About three years ago, Patty Dwyer began waving flags from highway overpasses. The 60-year-old respiratory therapist from Long Island joined the protests to throw her weight behind the idea that the American identity was disintegrating. She and other protestors invited passersby to honk if they agreed. At first, she said, only a few cars bleated. But over time, the chorus built to a crescendo. “Cars go crazy,” she told WNYC. Eventually, “the sound of the beeping horns drowned you out.”
Dwyer is part of the cast of characters in the new podcast, “The United States of Anxiety,” a collaboration between WNYC and The Nation. Taking Long Island communities as a case study, the seven-part series, with new episodes rolling out every Thursday until the election, aims to humanize voters whose multi-faceted lives are often reduced to single sound bite issues in this boiling election season. The series aims to explore how identities—personal, aspirational, immutable, and in flux—are shaping voters’ choices.
The first episode opens with layered chants of “build that wall,” a swelling tide of cheering, threatening to break into jeers and boos. That’s the din that has dominated the airwaves. But Dwyer complicates this portrait of Trump supporters as a single entity. She’s pretty complicated herself: She cast a vote for Obama in 2008—she appreciated his embrace of same-sex marriage—but now organizes for Trump. She tears up when she recalls her son’s struggle with drug abuse; she talks wistfully of the house that she’s preparing to leave, as property taxes continue to mount.
Leni (another Long Island resident, whose name has been changed), is terrified of Trump’s deportation rhetoric. She emigrated from the Dominican Republic and earned U.S. citizenship in 2007. She fell in love with Juan, an electrician, who is on an expired tourist visa. Last February, Juan was arrested for having a fake drivers’ license, even though he wasn’t the one behind the wheel. The arrest led to a deportation case, and he’s still being held in a detention facility, while Leni has had to sell his watch, ring, and car in order to scrape together enough money to cover rent.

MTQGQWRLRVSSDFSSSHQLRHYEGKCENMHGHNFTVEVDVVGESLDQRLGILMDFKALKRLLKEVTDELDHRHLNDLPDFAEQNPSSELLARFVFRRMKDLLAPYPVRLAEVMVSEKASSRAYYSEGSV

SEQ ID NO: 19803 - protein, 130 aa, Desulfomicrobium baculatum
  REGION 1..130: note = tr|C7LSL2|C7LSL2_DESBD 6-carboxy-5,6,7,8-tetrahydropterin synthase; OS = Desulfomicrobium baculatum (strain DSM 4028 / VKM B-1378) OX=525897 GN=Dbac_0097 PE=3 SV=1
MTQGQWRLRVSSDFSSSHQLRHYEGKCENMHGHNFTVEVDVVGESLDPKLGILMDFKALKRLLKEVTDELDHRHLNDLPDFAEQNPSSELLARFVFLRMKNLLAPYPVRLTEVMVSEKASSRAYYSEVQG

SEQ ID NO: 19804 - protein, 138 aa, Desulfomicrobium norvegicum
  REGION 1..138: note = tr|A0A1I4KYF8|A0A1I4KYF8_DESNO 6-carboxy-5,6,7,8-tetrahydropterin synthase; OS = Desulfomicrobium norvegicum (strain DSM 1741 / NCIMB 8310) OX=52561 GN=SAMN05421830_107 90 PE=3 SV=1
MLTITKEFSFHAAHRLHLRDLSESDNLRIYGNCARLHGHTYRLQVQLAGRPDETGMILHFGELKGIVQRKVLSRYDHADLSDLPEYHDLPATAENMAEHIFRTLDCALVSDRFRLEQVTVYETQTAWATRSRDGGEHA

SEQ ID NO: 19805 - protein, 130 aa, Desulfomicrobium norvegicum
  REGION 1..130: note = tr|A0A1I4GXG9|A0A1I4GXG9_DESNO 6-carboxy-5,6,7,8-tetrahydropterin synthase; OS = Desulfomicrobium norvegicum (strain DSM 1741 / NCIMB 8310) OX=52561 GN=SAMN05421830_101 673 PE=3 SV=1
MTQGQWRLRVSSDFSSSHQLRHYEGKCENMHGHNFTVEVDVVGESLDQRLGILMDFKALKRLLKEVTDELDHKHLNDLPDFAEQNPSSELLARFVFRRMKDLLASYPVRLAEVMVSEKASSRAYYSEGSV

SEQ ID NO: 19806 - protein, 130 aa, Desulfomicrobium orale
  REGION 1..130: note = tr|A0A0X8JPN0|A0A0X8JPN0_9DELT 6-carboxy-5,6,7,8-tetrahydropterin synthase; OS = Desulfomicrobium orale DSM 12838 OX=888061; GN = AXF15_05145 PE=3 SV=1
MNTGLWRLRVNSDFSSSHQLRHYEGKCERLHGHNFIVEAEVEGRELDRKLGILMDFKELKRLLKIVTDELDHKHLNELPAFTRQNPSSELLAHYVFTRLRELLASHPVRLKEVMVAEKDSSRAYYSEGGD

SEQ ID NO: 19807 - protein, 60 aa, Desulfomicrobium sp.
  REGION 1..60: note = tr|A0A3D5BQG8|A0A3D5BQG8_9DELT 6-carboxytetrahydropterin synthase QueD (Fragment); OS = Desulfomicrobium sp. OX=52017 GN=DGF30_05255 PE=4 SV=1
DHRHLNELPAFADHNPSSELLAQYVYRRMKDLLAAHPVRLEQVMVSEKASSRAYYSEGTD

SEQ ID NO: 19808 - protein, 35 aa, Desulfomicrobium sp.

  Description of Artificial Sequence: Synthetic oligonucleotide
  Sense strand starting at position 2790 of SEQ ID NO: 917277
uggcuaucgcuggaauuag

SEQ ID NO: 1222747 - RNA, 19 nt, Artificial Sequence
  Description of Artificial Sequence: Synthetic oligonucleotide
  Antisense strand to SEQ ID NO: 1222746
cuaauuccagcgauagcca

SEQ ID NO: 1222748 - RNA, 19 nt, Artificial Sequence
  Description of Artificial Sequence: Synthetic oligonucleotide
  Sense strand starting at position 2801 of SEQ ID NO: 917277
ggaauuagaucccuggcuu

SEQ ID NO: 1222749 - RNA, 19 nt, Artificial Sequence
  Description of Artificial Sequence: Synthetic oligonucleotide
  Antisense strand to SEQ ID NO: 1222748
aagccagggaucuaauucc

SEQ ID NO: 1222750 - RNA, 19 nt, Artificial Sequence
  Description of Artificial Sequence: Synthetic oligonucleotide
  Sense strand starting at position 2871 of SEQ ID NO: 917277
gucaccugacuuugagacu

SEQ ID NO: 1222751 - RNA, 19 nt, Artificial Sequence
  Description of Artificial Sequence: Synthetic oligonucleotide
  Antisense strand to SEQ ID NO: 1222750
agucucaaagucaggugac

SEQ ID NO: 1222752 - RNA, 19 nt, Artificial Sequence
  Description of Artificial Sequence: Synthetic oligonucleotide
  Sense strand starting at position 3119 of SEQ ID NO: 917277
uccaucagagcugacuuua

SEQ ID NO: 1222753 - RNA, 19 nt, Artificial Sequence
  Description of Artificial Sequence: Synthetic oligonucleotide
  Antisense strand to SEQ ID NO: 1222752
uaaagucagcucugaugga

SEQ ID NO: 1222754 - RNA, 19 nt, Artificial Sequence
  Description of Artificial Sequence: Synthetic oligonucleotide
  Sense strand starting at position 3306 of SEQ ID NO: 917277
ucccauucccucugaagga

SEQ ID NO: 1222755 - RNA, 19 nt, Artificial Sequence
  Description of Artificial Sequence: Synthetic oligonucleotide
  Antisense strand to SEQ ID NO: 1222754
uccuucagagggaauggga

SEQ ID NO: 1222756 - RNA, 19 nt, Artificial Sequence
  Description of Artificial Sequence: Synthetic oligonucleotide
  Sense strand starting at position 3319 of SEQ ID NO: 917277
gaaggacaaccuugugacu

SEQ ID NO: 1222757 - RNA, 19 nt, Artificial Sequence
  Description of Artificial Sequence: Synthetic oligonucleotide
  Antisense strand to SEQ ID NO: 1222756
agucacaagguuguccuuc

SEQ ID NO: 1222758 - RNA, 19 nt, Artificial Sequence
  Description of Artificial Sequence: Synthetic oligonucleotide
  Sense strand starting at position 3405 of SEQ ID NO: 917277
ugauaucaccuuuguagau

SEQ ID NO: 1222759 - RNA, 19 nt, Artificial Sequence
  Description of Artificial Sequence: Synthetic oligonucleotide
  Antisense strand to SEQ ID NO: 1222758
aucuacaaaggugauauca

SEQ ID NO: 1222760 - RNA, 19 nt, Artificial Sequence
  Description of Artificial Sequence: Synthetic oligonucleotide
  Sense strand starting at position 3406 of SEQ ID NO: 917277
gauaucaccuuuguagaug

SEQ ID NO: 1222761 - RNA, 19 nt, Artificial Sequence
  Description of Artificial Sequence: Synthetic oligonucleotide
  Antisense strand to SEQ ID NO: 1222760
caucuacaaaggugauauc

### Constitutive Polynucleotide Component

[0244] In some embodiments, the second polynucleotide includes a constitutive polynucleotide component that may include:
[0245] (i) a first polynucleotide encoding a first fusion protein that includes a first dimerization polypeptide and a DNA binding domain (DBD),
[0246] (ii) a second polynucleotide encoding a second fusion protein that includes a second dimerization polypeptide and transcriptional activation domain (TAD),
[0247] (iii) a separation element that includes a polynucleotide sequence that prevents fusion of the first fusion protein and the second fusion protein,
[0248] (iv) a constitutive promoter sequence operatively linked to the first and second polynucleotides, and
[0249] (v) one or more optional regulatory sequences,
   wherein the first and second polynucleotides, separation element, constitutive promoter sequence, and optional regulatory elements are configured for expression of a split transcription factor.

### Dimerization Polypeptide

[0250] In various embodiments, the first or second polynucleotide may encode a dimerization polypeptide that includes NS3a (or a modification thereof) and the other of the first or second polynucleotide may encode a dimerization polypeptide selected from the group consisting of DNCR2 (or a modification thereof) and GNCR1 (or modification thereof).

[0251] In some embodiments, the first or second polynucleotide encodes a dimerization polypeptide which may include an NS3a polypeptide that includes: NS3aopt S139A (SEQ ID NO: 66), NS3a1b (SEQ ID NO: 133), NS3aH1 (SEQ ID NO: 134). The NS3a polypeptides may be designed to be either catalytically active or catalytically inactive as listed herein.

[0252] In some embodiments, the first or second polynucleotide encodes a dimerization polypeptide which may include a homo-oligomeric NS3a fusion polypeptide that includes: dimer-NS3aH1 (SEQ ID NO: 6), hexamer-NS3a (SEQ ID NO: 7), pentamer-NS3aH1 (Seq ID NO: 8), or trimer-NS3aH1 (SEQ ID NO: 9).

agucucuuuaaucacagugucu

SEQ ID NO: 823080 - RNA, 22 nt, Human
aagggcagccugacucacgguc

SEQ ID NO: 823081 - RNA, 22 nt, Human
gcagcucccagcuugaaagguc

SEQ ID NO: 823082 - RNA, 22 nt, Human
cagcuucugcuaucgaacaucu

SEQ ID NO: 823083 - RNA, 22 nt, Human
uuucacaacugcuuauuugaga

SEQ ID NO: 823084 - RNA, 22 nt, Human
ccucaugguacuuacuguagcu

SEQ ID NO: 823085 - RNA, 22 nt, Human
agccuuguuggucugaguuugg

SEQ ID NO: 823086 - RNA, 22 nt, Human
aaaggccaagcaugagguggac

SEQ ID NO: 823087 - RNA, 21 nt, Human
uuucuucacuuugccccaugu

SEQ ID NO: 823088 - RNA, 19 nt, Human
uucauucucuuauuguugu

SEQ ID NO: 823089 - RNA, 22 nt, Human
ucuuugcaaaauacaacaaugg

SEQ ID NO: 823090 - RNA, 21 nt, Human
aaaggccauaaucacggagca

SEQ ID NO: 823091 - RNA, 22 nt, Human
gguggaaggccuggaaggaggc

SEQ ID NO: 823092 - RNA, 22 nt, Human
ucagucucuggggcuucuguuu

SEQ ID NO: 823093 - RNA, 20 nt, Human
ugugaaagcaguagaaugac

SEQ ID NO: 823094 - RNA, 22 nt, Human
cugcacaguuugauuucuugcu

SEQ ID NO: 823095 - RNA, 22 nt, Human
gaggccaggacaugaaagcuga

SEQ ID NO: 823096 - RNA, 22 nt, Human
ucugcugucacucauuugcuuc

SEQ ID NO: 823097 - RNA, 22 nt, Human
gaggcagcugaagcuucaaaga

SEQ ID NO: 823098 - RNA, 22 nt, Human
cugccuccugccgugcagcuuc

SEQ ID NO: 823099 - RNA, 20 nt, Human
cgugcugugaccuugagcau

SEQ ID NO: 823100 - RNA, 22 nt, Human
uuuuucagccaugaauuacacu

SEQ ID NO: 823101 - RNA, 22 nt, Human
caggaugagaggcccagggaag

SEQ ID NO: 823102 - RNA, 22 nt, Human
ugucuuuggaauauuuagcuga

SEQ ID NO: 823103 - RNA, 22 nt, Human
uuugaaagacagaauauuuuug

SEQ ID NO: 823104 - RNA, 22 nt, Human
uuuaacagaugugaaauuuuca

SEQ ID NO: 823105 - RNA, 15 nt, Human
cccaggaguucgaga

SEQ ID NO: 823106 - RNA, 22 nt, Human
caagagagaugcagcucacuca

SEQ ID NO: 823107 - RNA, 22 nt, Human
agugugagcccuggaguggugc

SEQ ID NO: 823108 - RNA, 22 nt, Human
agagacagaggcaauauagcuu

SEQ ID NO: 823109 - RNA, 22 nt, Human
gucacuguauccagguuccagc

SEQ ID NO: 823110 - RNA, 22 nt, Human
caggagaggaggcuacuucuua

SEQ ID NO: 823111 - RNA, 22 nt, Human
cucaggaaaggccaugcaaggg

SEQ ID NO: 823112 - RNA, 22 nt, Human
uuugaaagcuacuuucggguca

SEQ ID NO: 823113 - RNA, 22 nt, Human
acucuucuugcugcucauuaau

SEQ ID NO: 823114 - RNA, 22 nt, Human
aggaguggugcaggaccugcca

“The United States of Anxiety” pulls the narratives into conversation. The result is a series of three-dimensional portraits of people with pets, partners, and jobs, trying to carve out a niche for themselves and provide for their families. The producers note that, for many voters, the election isn’t just about voting for the next president; instead, “it serves as a referendum on what it means to be innately American.” The podcast, likewise, wrestles with those sticky questions about what the country should look like, and who it should be for.